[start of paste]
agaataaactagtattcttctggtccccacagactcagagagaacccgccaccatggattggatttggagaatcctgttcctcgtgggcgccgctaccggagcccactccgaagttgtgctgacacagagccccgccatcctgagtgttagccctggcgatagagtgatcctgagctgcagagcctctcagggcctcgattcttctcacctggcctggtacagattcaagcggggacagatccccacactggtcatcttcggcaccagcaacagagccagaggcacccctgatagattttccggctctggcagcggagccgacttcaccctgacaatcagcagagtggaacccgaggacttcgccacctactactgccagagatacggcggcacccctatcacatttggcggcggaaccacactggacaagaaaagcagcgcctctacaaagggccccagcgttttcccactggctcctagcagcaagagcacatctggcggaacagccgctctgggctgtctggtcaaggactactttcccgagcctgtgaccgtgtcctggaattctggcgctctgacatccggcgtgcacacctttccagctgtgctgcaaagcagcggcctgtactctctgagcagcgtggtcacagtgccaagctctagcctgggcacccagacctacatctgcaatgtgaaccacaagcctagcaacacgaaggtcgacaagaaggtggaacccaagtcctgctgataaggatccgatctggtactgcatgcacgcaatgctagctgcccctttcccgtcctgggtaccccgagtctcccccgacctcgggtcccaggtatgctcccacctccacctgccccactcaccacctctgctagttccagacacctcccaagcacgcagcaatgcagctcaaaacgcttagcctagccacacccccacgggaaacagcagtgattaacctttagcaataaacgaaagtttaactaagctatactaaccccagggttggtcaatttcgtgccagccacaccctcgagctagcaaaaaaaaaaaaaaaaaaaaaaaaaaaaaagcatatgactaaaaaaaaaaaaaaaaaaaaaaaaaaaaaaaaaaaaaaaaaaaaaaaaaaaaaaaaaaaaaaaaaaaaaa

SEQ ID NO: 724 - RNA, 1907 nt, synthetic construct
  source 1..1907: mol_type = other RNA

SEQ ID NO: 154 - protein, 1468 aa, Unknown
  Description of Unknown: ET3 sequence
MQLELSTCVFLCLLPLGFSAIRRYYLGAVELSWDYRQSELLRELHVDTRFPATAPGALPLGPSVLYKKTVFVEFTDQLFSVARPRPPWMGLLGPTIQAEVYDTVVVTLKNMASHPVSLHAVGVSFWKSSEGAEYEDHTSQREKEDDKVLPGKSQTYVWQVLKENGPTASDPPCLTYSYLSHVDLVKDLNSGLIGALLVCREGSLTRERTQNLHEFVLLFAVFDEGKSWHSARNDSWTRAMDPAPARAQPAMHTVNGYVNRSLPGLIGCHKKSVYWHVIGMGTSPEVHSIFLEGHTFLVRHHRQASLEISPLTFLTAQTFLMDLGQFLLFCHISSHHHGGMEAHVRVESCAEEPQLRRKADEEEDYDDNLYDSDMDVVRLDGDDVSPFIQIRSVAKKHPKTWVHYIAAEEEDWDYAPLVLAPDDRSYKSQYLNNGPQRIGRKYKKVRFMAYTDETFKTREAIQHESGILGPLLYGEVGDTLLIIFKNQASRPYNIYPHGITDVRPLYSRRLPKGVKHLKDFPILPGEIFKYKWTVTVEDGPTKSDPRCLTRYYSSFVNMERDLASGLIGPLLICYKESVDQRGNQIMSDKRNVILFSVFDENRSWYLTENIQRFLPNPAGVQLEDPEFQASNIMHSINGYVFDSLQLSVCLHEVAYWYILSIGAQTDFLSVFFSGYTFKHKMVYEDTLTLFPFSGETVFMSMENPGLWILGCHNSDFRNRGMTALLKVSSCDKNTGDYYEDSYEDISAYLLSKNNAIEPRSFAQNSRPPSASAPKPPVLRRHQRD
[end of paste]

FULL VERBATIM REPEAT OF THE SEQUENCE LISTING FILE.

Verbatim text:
agaataaactagtattcttctggtccccacagactcagagagaacccgccaccatggattggatttggagaatcctgttcctcgtgggcgccgctaccggagcccactccgaagttgtgctgacacagagccccgccatcctgagtgttagccctggcgatagagtgatcctgagctgcagagcctctcagggcctcgattcttctcacctggcctggtacagattcaagcggggacagatccccacactggtcatcttcggcaccagcaacagagccagaggcacccctgatagattttccggctctggcagcggagccgacttcaccctgacaatcagcagagtggaacccgaggacttcgccacctactactgccagagatacggcggcacccctatcacatttggcggcggaaccacactggacaagaaaagcagcgcctctacaaagggccccagcgttttcccactggctcctagcagcaagagcacatctggcggaacagccgctctgggctgtctggtcaaggactactttcccgagcctgtgaccgtgtcctggaattctggcgctctgacatccggcgtgcacacctttccagctgtgctgcaaagcagcggcctgtactctctgagcagcgtggtcacagtgccaagctctagcctgggcacccagacctacatctgcaatgtgaaccacaagcctagcaacacgaaggtcgacaagaaggtggaacccaagtcctgctgataaggatccgatctggtactgcatgcacgcaatgctagctgcccctttcccgtcctgggtaccccgagtctcccccgacctcgggtcccaggtatgctcccacctccacctgccccactcaccacctctgctagttccagacacctcccaagcacgcagcaatgcagctcaaaacgcttagcctagccacacccccacgggaaacagcagtgattaacctttagcaataaacgaaagtttaactaagctatactaaccccagggttggtcaatttcgtgccagccacaccctcgagctagcaaaaaaaaaaaaaaaaaaaaaaaaaaaaaagcatatgactaaaaaaaaaaaaaaaaaaaaaaaaaaaaaaaaaaaaaaaaaaaaaaaaaaaaaaaaaaaaaaaaaaaaaa

SEQ ID NO: 724 - RNA, 1907 nt, synthetic construct
  source 1..1907: mol_type = other RNA

SEQ ID NO: 154 - protein, 1468 aa, Unknown
  Description of Unknown: ET3 sequence
MQLELSTCVFLCLLPLGFSAIRRYYLGAVELSWDYRQSELLRELHVDTRFPATAPGALPLGPSVLYKKTVFVEFTDQLFSVARPRPPWMGLLGPTIQAEVYDTVVVTLKNMASHPVSLHAVGVSFWKSSEGAEYEDHTSQREKEDDKVLPGKSQTYVWQVLKENGPTASDPPCLTYSYLSHVDLVKDLNSGLIGALLVCREGSLTRERTQNLHEFVLLFAVFDEGKSWHSARNDSWTRAMDPAPARAQPAMHTVNGYVNRSLPGLIGCHKKSVYWHVIGMGTSPEVHSIFLEGHTFLVRHHRQASLEISPLTFLTAQTFLMDLGQFLLFCHISSHHHGGMEAHVRVESCAEEPQLRRKADEEEDYDDNLYDSDMDVVRLDGDDVSPFIQIRSVAKKHPKTWVHYIAAEEEDWDYAPLVLAPDDRSYKSQYLNNGPQRIGRKYKKVRFMAYTDETFKTREAIQHESGILGPLLYGEVGDTLLIIFKNQASRPYNIYPHGITDVRPLYSRRLPKGVKHLKDFPILPGEIFKYKWTVTVEDGPTKSDPRCLTRYYSSFVNMERDLASGLIGPLLICYKESVDQRGNQIMSDKRNVILFSVFDENRSWYLTENIQRFLPNPAGVQLEDPEFQASNIMHSINGYVFDSLQLSVCLHEVAYWYILSIGAQTDFLSVFFSGYTFKHKMVYEDTLTLFPFSGETVFMSMENPGLWILGCHNSDFRNRGMTALLKVSSCDKNTGDYYEDSYEDISAYLLSKNNAIEPRSFAQNSRPPSASAPKPPVLRRHQRD